En Español

Q. Who is Mr. Smarty Plants?

A: There are those who suspect Wildflower Center volunteers are the culpable and capable culprits. Yet, others think staff members play some, albeit small, role. You can torture us with your plant questions, but we will never reveal the Green Guru's secret identity.

Help us grow by giving to the Plant Database Fund or by becoming a member

Did you know you can access the Native Plant Information Network with your web-enabled smartphone?

Share

Ask Mr. Smarty Plants

Ask Mr. Smarty Plants is a free service provided by the staff and volunteers at the Lady Bird Johnson Wildflower Center.

Search Smarty Plants
    
 
See a list of all Smarty Plants questions

Please forgive us, but Mr. Smarty Plants has been overwhelmed by a flood of mail and must take a break for awhile to catch up. We hope to be accepting new questions again soon. Thank you!

Need help with plant identification, visit the plant identification page.

 
rate this answer
Not Yet Rated

Sunday - September 08, 2013

From: Round Rock, TX
Region: Southwest
Topic: Diseases and Disorders, Trees
Title: Disease or insect damage on a Mexican plum
Answered by: Guy Thompson

QUESTION:

Help, Our Mexican plum tree is about 13-14 years old. Earlier this year we noticed the trunk is oozing black stuff and whole branches are dying off. We have watched as our beloved tree has lost most of its remaining leaves this summer and want to know if this is just old age?? or perhaps something called verticullum??Chlrosis? SP? Is there anything we can do to save it outside of fumigating the ground? Would we be able to replant another Mexican plum in this location without treating the ground?

ANSWER:

Peach and plum trees are relatively short lived, often peaking around 10 years of age.  But it all depends upon conditions around the individual tree.  Your plum seems to be suffering from a fungal or bacterial disease, such as canker, or from attacks by borer insects.  The indicated websites give instructions for diagnosing the tree's problem and treating it. Deciding whether to doctor the tree or replace it probably depends upon your sentimental attachment to it.  A replacement tree should do well if you have taken the recommended precautions to destroy any pests that persist in the soil.  Also, young trees are usually more resistant to diseases than older ones.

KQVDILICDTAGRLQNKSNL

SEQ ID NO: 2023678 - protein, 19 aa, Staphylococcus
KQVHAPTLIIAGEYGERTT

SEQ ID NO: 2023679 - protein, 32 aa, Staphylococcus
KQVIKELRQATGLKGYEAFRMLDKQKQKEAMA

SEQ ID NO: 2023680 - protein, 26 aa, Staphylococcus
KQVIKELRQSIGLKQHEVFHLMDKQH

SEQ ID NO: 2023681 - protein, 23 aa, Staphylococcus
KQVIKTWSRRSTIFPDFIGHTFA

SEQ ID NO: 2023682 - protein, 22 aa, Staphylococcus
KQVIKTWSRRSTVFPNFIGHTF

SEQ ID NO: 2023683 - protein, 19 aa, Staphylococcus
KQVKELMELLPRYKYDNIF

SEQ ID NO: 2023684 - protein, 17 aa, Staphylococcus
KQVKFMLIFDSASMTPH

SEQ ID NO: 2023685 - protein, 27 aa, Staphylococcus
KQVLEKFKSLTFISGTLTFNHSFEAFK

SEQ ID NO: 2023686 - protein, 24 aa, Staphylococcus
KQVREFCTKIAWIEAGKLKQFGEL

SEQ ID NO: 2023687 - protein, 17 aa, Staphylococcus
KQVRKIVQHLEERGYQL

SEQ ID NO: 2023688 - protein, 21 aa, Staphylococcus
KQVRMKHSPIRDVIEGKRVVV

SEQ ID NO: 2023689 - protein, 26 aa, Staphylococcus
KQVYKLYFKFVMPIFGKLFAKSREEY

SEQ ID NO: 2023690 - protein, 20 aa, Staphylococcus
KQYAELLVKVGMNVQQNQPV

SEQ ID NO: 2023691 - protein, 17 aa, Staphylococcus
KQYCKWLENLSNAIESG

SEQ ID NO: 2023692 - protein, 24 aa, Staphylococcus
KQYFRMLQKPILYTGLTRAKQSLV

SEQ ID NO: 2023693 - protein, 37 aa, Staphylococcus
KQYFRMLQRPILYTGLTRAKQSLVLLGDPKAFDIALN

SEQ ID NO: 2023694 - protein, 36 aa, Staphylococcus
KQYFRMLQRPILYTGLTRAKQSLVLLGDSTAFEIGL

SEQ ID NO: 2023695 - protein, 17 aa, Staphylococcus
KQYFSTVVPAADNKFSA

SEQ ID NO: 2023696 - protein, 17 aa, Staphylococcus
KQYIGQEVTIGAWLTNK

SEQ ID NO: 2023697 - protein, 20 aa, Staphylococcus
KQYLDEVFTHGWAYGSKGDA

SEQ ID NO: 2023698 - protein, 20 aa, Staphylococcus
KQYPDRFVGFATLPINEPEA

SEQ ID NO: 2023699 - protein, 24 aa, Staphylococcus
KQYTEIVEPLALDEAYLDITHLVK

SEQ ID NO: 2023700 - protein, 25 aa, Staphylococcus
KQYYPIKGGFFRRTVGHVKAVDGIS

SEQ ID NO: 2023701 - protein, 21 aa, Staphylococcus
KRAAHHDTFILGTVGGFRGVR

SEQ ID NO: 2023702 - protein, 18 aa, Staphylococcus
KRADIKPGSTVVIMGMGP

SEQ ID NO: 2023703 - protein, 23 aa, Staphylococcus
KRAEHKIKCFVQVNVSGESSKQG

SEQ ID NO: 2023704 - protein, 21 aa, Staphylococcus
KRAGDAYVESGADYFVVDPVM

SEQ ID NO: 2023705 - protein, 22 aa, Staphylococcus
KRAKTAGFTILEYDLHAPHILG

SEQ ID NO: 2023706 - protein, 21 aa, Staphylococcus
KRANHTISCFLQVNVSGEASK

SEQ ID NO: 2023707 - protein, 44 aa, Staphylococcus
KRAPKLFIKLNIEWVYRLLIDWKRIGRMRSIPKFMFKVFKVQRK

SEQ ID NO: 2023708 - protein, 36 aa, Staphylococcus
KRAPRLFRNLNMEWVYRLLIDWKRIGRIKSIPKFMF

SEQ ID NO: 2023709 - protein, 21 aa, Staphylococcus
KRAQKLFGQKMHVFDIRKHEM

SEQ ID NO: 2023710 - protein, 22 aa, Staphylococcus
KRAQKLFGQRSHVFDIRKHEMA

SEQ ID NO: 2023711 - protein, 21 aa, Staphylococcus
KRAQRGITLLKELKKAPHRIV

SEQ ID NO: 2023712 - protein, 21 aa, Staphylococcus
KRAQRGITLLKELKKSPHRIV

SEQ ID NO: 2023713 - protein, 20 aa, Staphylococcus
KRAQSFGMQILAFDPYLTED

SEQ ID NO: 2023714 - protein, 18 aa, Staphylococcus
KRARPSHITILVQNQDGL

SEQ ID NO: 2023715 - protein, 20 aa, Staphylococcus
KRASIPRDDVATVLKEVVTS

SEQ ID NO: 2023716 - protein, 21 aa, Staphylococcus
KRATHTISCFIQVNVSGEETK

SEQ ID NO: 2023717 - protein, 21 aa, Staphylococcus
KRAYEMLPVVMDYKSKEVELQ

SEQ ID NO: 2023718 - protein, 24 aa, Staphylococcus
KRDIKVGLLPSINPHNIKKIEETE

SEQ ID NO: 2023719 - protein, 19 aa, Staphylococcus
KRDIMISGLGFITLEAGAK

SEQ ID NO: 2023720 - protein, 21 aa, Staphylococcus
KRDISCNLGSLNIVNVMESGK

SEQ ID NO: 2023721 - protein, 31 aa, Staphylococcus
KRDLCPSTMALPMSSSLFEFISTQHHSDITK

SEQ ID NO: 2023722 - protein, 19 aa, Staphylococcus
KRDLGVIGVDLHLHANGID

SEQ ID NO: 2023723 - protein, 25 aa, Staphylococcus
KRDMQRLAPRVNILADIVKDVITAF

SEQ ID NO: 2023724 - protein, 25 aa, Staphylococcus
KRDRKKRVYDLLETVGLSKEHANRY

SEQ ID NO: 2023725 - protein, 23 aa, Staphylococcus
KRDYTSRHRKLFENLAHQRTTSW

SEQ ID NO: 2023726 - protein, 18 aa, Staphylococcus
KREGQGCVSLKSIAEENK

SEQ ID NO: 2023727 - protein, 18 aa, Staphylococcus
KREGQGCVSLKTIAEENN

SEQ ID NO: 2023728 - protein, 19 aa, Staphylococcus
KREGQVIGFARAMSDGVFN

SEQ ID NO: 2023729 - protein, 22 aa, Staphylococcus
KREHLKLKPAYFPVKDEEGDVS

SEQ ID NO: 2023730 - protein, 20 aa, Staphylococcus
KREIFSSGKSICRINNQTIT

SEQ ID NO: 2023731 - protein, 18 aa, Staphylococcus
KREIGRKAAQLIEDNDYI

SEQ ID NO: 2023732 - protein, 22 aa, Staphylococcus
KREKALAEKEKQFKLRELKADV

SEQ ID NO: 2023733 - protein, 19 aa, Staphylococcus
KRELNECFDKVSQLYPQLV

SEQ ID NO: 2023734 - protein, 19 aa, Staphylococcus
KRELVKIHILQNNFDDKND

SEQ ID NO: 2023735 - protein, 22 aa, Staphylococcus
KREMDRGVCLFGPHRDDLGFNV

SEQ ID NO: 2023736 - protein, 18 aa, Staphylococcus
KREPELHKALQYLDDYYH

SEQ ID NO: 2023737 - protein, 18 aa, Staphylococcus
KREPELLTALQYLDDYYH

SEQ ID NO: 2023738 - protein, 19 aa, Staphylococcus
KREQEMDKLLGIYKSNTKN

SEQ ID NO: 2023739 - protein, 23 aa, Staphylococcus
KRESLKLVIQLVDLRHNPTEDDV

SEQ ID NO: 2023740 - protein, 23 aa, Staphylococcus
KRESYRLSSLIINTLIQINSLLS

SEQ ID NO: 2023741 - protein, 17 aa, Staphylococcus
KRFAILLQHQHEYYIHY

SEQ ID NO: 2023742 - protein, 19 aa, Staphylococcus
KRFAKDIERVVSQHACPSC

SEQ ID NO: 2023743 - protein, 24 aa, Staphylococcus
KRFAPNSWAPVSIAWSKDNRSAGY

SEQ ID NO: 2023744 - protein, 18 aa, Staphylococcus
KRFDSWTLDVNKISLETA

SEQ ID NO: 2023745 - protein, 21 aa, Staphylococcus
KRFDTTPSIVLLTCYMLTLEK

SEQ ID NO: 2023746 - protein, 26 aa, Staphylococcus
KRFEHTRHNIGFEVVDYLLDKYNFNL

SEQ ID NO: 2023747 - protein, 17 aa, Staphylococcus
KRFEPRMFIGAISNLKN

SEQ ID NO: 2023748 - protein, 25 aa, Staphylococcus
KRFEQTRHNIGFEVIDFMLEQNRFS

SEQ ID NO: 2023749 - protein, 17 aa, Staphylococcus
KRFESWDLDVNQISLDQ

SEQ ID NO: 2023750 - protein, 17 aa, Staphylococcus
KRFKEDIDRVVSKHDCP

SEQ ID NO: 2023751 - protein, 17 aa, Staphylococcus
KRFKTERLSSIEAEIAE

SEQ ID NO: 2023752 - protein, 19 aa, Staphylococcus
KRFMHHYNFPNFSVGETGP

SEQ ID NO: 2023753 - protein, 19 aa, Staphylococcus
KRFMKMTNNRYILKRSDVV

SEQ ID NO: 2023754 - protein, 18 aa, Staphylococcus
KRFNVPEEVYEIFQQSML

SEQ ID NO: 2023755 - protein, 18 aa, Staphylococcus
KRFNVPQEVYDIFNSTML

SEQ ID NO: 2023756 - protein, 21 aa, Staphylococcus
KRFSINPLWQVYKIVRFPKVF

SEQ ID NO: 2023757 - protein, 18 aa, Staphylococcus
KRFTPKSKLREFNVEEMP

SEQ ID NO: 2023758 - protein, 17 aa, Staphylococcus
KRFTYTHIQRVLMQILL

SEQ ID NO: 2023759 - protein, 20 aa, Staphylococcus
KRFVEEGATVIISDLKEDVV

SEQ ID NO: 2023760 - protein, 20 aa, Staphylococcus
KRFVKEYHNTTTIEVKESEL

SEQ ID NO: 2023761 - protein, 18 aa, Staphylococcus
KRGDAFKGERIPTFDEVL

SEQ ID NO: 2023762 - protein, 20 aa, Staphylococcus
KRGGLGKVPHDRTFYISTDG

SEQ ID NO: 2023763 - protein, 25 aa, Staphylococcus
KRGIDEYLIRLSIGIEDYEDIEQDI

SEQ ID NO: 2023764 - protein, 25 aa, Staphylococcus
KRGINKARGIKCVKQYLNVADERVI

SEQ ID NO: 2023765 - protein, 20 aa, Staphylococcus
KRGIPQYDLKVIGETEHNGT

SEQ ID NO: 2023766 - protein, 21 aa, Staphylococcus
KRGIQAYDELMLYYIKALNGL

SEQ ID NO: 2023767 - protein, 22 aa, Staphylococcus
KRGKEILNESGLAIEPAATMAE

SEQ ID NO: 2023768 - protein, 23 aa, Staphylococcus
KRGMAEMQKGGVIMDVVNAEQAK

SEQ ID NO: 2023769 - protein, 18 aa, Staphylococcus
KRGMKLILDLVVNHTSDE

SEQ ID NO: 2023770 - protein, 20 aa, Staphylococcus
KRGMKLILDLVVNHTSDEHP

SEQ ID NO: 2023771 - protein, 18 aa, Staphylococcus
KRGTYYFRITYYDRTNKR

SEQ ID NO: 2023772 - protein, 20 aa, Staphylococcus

If you do decide to replace your Mexican plum tree it would be best to wait until winter.  Replacements will be available in your local plant nurseries.

 

More Diseases and Disorders Questions

Young Maple Dropping Leaves in Late Summer
September 05, 2013 - I have a 6-year-old maple tree. I'm not sure what type it is as the builder planted it. It is as tall as our two-story house and very healthy. It's the biggest tree in our neighborhood because we fe...
view the full question and answer

Care of Live Oaks
July 11, 2012 - We have Two Young Live Oaks in the front of Our home. We had them treated for insects, ect. Now what can we do to make them Full Green and Happy Happy Happy again.Thank You
view the full question and answer

Live oaks exhibiting white foam spots from Round Rock, TX
June 08, 2014 - We have several native very large Live Oak in our backyard, and this summer we have noticed white foam spots on the branches. We live in Round Rock next to the Williamson County Park. The spots look...
view the full question and answer

Plant mistakes from Cedar Park, TX
April 09, 2014 - At our "Wilts End" in Cedar Park, TX. and are looking for a tall shrub/tree that will hide a 6-ft tall concrete wall and muffle the noise from a busy street. The wall forms a very wide-angled V shap...
view the full question and answer

Wound in Monterey Oak from Austin
June 20, 2012 - I have a 10 year old Monterey Oak that has developed a wound that is secreting a white bubbly substance that has attracted all the bugs, like butterfly's , pill bugs, ants, and several others I don'...
view the full question and answer

Support the Wildflower Center by Donating Online or Becoming a Member today.
E-NEWSLETTER | BECOME A MEMBER | DONATE NOW | MEDIA | SITEMAP | STAFF
© 2016 Lady Bird Johnson Wildflower Center